Python Distutils-SIG


The Distutils-SIG exists to discuss the design and implementation of a suite of module distribution utilities for Python. These utilities will take the form of some standard modules, probably grouped in the 'distutils' package, for building, packaging, and installing third-party modules. This includes both modules written purely in Python and extension modules written in C/C++.

The main deliverable will be the following core modules (in the distutils package):

  • build:provides code for building a module, which might include copying .py files into a staging area, compiling and linking .c files, processing documentation to an installable form, etc.
  • dist: create a source distribution
  • bdist: create a 'built distribution' (the equivalent of a 'binary distribution', except that binaries won't necessarily be present
  • install: install a built library on the local machine
  • gen_make: generate a Makefile to do some of the above tasks (mainly 'build', for developer convenience and efficiency)

I will tentatively put forward March 1999 as a target for a working release to run on top of Python 1.5.2, which might require a patch-and-rebuild-Python step (or might find ways to work with the information available under 1.5). For a complete, tested, documented suite ready to bundle with Python 1.6, let's shoot for June 1999.

Other topics of interest:

  • encouraging module developers to write test suites by having a standard place for them in module distributions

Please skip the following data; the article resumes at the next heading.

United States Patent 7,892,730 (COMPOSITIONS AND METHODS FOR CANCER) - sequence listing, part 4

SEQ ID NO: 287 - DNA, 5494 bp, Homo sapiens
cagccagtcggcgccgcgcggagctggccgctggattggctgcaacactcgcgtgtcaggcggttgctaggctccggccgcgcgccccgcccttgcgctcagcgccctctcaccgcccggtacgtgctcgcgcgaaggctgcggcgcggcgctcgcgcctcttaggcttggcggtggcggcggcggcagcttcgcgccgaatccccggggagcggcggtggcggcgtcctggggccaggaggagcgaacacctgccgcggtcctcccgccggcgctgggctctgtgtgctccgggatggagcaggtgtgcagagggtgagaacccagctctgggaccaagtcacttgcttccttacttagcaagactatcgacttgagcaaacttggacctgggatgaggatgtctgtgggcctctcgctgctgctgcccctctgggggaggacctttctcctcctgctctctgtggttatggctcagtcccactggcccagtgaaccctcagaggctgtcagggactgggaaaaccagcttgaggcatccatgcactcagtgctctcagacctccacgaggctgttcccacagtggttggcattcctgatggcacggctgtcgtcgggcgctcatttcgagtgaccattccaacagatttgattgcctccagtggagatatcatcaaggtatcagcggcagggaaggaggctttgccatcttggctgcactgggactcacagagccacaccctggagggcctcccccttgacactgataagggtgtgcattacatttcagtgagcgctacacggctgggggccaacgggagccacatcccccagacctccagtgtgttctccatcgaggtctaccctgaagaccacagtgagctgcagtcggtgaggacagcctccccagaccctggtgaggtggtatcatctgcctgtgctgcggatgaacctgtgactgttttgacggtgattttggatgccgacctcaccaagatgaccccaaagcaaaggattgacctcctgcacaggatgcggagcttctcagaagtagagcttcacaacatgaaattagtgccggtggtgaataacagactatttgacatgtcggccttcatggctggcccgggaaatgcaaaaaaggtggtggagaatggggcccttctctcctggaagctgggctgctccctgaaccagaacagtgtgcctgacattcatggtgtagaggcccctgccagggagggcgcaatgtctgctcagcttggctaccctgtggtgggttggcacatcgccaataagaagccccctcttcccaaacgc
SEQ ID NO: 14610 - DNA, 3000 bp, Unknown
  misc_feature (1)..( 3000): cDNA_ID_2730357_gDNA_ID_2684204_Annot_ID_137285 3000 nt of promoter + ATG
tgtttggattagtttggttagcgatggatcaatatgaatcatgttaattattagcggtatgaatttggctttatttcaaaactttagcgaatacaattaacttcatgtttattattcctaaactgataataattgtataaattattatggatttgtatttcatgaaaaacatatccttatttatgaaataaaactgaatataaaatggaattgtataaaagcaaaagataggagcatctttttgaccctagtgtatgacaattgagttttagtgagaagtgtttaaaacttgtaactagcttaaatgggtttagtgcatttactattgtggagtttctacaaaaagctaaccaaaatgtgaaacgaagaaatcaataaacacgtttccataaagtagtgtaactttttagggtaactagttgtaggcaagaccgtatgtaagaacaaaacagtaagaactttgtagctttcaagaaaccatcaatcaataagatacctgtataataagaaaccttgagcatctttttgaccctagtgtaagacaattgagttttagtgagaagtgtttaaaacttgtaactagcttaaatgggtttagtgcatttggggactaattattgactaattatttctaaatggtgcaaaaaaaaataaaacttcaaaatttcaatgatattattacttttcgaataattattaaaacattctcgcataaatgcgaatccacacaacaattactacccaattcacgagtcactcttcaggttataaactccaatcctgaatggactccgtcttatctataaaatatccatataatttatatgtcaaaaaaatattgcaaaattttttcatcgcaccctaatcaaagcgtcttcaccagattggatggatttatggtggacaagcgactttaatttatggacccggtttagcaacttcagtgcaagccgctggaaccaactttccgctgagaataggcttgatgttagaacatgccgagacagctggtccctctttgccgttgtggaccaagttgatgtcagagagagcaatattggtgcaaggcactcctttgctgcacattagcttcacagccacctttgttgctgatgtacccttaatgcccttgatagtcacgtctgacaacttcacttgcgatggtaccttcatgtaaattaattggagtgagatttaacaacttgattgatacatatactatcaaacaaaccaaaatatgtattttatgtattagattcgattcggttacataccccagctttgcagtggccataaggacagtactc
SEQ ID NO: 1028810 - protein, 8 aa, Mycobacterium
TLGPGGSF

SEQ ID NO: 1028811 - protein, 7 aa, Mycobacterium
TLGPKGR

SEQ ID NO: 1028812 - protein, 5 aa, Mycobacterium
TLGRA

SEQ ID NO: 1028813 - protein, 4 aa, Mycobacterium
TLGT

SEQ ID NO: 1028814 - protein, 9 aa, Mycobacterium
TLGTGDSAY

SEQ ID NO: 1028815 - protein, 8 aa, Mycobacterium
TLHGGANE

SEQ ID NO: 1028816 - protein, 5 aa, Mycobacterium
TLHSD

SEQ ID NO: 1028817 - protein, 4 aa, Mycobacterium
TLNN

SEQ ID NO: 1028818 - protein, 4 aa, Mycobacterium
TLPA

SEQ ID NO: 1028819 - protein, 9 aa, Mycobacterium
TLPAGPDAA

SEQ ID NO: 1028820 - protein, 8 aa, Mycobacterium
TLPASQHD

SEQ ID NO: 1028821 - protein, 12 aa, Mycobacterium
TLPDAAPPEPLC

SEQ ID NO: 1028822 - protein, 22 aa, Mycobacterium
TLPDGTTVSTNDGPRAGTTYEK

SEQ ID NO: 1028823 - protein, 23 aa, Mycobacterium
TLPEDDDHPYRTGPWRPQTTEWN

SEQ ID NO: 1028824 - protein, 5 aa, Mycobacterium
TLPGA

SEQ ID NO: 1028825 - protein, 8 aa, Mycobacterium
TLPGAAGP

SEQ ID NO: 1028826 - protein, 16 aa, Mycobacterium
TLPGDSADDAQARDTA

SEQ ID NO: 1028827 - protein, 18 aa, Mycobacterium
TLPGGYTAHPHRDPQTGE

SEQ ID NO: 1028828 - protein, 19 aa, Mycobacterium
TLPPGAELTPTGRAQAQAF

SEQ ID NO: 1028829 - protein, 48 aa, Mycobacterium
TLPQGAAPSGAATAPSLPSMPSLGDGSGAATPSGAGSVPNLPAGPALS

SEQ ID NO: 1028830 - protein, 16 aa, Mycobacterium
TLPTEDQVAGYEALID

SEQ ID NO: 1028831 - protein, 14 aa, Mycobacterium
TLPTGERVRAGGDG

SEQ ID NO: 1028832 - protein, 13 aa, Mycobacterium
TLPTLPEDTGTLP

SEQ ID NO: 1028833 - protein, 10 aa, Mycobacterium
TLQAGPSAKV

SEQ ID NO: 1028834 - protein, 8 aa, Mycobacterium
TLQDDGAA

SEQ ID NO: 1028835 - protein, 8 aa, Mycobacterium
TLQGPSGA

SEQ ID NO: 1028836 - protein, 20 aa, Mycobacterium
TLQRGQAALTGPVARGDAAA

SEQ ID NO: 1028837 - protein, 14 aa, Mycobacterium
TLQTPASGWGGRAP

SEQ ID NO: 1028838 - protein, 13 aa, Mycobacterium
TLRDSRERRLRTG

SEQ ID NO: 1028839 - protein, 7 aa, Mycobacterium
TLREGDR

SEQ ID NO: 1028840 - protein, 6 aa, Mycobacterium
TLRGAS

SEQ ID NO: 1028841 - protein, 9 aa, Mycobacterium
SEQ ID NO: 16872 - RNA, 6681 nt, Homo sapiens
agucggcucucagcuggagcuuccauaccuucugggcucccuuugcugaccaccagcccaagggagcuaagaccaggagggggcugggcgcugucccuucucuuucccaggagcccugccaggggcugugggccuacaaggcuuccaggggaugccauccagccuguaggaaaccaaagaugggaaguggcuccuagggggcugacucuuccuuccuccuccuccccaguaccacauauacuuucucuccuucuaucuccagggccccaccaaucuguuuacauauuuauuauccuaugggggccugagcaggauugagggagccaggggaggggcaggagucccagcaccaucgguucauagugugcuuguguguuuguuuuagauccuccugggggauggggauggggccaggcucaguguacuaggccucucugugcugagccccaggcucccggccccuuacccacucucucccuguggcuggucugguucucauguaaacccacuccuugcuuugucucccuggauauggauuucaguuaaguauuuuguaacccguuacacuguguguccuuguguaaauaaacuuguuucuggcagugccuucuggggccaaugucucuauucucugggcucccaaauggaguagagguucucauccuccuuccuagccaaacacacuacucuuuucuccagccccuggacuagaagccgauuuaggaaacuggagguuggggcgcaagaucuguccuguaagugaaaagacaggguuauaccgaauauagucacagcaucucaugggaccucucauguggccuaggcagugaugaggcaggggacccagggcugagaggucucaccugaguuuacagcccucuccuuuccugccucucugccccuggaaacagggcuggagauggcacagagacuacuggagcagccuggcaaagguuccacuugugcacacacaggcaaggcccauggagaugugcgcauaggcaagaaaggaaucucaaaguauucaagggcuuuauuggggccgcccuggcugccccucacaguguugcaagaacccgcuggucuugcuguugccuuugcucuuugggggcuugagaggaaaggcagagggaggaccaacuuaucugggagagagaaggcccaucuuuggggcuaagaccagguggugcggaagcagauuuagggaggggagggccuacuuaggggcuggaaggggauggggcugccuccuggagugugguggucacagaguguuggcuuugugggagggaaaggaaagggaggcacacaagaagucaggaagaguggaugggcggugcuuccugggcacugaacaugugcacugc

• ditto for documentation -- although this is probably the job of the doc-sig, it would be nice to tie the two together at some point
  • a standard for representing and comparing version numbers
  • social engineering in general, ie. convincing module developers to start using the system
  • the possible need for tweaks to the configure/build process for Python itself, and a place to hold configuration information (possibly a new built-in module, 'sys.config')
  • possibly rewriting the configure/build/install process for Python 1.6 -- especially useful if the distutils are bundled with 1.6!
  • ties to Trove -- any module distribution scheme must include a way to describe the package metadata, and there will need to be hooks between any future Trove archive for Python and this metadata
  • recognizing SWIG-assisted extensions in addition to "ordinary" C extensions